|British Rail Class 04|
The Class 04 locomotives were supplied by the Drewry Car Co., which at the time (and for most of its existence) had no manufacturing capability. Drewry sub-contracted the construction work to two builders both of whom built other locomotives under the same arrangement. Early locomotives (including DS1173) were built by Vulcan Foundry, and later examples were built by Robert Stephenson and Hawthorns.
A clear line of development can be seen in the Class 04 from the 0-4-0DM locomotives built by Andrew Barclay and Drewry/Vulcan Foundry in the early 1940s. Similar 0-6-0DM locomotives had been built before the first Class 04, and others were built for industrial use.
The design continued to develop during the construction period, although this was generally confined to minor changes, including the diameter of the wheels.
The first batch (4 engines numbered 11100-11103, later D2200-D2203) were equipped for street-running (see below).
The second batch (6 engines numbered 11105-11110, later D2204-D2209) were fitted with conical exhaust stacks (the first batch initially had a plain exhaust "hole", later having a long, thin, and straight exhaust pipe added) and shaped cab front windows (instead of the rectangular windows of the first batch); these changes continued on all subsequent batches.
From the fourth batch (commencing with 11121, later D2215) the small cab side window of the earlier batches was replaced with a much larger window, the rear half of which slid open. The wheel diameter was also increased from 3'3" to 3'6".
From locomotive D2274 onwards, the wheel diameter was again increased, from 3'6" to 3'7".
Use on tramways
The first four of these locomotives (11100-11103, later D2200-D2203) were fitted with side skirting and cowcatchers for use on the Wisbech and Upwell Tramway and on the Yarmouth Docks tramway system, since British law requires locomotives running on unfenced street trackage to be so equipped for the protection of pedestrians and animals. At least two later engines (11111/D2210 and 11113/D2212) were also fitted with cowcatchers and skirting for use on the Ipswich docks tramway system.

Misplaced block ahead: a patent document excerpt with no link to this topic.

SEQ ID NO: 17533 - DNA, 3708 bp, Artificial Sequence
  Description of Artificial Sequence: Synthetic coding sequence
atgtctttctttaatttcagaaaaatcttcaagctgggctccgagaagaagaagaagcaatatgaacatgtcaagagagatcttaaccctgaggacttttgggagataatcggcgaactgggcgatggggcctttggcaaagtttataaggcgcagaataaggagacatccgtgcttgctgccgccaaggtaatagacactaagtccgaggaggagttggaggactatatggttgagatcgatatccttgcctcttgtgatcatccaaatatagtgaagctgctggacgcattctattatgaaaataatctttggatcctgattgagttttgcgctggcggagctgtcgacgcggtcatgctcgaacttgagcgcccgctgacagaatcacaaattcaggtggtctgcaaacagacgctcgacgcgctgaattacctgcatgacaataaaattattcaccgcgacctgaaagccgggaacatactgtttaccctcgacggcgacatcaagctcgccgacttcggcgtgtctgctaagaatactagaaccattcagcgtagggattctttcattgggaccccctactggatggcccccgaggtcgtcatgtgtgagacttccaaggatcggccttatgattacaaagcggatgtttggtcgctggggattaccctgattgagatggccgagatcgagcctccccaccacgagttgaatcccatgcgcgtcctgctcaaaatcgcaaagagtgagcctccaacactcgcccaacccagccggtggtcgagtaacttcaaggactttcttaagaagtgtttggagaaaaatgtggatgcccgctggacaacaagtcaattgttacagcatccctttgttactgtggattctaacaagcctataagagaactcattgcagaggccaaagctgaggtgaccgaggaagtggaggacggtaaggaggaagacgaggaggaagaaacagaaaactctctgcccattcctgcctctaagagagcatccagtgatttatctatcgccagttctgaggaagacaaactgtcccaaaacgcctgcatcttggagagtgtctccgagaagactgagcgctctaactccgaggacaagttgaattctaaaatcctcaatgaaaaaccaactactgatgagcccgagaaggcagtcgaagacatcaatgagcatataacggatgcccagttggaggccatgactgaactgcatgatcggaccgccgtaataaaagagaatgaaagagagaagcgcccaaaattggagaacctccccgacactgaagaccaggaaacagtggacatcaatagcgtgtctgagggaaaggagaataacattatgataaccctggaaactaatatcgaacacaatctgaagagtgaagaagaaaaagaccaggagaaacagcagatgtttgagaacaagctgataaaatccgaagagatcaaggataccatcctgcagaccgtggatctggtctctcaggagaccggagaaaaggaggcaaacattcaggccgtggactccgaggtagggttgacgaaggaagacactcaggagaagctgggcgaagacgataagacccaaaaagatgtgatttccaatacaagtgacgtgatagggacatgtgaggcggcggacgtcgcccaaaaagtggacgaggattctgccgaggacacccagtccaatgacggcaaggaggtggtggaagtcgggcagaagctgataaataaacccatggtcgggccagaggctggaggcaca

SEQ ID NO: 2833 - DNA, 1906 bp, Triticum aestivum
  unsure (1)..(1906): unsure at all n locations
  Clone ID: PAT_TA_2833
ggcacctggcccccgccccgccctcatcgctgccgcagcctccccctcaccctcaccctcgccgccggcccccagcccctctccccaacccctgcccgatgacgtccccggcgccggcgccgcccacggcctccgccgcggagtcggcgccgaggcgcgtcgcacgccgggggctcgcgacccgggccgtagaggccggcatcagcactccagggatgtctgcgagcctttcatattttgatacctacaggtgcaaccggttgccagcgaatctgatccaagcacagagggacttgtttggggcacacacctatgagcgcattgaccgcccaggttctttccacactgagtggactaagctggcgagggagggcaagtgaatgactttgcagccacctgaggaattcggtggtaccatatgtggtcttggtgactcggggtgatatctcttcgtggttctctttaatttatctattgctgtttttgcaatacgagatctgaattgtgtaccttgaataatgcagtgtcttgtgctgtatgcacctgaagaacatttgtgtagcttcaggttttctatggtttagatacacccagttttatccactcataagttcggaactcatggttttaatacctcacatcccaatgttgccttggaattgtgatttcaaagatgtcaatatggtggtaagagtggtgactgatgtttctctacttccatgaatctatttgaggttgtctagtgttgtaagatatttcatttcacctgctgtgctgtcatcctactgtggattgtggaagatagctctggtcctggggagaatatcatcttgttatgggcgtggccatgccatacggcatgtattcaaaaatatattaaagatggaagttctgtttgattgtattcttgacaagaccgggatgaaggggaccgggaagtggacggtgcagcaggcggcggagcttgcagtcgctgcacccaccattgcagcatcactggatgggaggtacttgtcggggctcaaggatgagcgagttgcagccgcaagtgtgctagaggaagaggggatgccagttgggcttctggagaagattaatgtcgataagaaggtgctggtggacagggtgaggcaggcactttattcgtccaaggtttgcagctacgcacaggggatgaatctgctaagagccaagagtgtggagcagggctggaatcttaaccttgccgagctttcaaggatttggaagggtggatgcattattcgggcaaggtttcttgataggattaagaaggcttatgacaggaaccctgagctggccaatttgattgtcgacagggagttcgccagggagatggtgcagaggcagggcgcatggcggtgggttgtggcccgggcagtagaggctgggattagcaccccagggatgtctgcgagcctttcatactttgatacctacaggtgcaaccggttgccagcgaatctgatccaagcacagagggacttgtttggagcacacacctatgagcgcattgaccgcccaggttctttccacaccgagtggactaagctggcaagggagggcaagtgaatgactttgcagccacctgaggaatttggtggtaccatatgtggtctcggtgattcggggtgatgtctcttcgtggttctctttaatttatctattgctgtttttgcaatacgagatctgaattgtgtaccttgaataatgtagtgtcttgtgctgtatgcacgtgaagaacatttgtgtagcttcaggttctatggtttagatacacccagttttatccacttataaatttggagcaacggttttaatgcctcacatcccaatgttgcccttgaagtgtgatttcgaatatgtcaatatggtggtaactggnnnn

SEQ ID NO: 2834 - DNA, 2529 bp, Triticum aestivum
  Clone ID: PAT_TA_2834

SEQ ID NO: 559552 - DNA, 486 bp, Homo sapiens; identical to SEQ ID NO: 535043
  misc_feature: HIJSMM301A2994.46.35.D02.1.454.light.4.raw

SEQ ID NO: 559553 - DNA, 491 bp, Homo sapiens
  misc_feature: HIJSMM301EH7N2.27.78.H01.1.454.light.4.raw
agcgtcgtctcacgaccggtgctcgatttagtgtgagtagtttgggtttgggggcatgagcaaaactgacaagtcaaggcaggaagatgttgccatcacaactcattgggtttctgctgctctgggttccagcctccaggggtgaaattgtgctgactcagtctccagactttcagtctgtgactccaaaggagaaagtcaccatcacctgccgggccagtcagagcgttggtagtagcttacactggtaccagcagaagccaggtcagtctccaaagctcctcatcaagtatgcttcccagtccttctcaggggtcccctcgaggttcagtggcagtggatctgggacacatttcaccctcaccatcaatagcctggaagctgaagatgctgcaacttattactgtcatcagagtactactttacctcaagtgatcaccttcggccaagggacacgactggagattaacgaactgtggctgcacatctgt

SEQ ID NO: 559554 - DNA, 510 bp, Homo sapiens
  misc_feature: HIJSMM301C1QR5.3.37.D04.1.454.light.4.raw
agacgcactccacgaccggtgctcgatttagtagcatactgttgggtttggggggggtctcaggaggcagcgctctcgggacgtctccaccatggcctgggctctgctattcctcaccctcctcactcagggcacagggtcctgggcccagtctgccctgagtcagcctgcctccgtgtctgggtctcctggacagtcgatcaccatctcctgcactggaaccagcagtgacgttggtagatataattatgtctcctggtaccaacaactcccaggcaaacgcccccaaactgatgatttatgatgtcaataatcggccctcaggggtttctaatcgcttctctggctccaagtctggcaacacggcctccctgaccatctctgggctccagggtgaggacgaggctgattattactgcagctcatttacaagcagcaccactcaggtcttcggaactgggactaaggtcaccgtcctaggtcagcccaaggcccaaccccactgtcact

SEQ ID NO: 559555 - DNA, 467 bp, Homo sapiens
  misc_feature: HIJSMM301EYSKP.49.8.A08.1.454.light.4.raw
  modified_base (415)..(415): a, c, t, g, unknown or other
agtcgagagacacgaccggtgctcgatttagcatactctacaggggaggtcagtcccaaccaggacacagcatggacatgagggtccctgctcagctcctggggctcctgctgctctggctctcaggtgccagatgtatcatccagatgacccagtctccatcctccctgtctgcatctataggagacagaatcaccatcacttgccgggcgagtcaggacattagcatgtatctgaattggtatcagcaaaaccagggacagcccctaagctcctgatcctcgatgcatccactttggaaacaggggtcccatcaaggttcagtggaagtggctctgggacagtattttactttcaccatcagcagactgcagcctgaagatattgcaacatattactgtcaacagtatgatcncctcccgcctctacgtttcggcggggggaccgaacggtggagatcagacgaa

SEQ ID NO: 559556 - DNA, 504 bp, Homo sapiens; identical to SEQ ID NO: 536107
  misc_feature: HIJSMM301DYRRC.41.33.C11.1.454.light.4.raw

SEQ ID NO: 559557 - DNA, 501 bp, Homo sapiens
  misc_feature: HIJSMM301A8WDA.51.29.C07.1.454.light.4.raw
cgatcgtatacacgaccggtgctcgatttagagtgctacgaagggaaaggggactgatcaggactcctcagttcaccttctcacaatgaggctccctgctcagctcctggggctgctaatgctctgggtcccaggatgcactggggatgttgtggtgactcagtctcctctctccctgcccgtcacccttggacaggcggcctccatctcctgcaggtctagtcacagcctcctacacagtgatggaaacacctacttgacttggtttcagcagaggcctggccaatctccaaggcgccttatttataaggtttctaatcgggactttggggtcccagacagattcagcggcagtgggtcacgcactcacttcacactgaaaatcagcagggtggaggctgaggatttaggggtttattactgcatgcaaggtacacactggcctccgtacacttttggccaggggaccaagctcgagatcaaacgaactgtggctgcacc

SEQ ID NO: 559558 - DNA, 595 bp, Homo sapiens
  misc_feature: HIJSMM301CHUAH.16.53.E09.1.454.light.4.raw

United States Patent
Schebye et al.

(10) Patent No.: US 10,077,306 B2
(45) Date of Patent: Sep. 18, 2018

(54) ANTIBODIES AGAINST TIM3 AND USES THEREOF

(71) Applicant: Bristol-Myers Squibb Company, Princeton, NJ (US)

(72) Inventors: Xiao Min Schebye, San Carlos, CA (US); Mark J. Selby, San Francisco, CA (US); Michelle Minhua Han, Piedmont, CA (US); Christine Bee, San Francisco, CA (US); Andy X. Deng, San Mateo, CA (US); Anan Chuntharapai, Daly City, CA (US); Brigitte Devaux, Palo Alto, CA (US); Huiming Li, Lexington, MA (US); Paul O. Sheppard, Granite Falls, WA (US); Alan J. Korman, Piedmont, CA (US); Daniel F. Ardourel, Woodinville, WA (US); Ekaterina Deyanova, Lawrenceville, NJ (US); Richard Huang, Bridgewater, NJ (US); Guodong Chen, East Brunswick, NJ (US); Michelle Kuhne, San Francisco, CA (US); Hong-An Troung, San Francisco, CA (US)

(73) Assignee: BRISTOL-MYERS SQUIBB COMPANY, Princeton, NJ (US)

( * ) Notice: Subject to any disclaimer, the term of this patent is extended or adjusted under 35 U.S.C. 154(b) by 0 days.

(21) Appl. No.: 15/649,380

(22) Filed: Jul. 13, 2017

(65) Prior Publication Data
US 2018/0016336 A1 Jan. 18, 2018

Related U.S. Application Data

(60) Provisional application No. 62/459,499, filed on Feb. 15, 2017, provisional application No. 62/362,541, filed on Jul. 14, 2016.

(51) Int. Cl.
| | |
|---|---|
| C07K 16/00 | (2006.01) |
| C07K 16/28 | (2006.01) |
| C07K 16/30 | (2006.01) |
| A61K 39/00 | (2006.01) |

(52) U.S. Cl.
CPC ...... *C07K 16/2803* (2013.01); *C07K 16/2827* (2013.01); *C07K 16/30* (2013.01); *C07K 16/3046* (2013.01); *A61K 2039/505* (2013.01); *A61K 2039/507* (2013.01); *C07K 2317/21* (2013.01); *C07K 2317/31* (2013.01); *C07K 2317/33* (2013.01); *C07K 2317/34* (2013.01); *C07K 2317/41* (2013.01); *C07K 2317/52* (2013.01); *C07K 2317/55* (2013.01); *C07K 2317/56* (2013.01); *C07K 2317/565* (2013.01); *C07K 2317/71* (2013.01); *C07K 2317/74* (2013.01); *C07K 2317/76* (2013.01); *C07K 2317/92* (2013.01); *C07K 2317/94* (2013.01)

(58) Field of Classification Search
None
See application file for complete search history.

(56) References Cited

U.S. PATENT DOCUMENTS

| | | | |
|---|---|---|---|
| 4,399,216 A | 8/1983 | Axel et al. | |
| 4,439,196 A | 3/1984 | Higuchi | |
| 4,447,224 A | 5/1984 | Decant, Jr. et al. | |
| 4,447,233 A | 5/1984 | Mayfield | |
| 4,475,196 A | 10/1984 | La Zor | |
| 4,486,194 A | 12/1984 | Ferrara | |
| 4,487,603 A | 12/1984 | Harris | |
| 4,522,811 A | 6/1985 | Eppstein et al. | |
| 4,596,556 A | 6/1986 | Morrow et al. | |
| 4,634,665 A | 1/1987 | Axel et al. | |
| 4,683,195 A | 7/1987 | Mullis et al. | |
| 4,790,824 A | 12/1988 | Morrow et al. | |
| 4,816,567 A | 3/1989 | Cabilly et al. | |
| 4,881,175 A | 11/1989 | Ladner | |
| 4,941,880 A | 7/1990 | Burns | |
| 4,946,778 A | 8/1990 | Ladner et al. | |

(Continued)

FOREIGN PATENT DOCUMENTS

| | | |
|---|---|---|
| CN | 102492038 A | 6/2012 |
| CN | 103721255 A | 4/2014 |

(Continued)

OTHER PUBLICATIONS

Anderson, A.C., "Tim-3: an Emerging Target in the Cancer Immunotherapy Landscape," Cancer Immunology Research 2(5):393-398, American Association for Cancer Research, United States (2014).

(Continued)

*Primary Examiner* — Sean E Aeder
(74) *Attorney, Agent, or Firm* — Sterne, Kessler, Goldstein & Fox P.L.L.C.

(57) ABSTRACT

The class was distributed throughout the British Railways system, but the significant decline in the traffic for which they were designed resulted in a large surplus of shunting engines on the network. With this reduction in the need for shunters it was decided to standardise on the Class 03 as a light diesel-mechanical shunter and the Class 08 and 09 as larger, diesel-electric shunters, leading to the withdrawal of the class 04 engines.
Mechanically they were identical to the Class 03, with the same 24 litre Gardner engine, 5-speed epicyclic gearbox and the same overall layout. They had a straight bonnet (US: hood) from the front to the rear-mounted cab, unlike the 03s which bulged higher towards the rear (over the larger fuel tank), and the cab's rounded roof met the sides at an angle instead of with a curve as in the 03, with a lip all the way round. The internal cab layout was almost symmetrical to allow the driver to work from either side as required.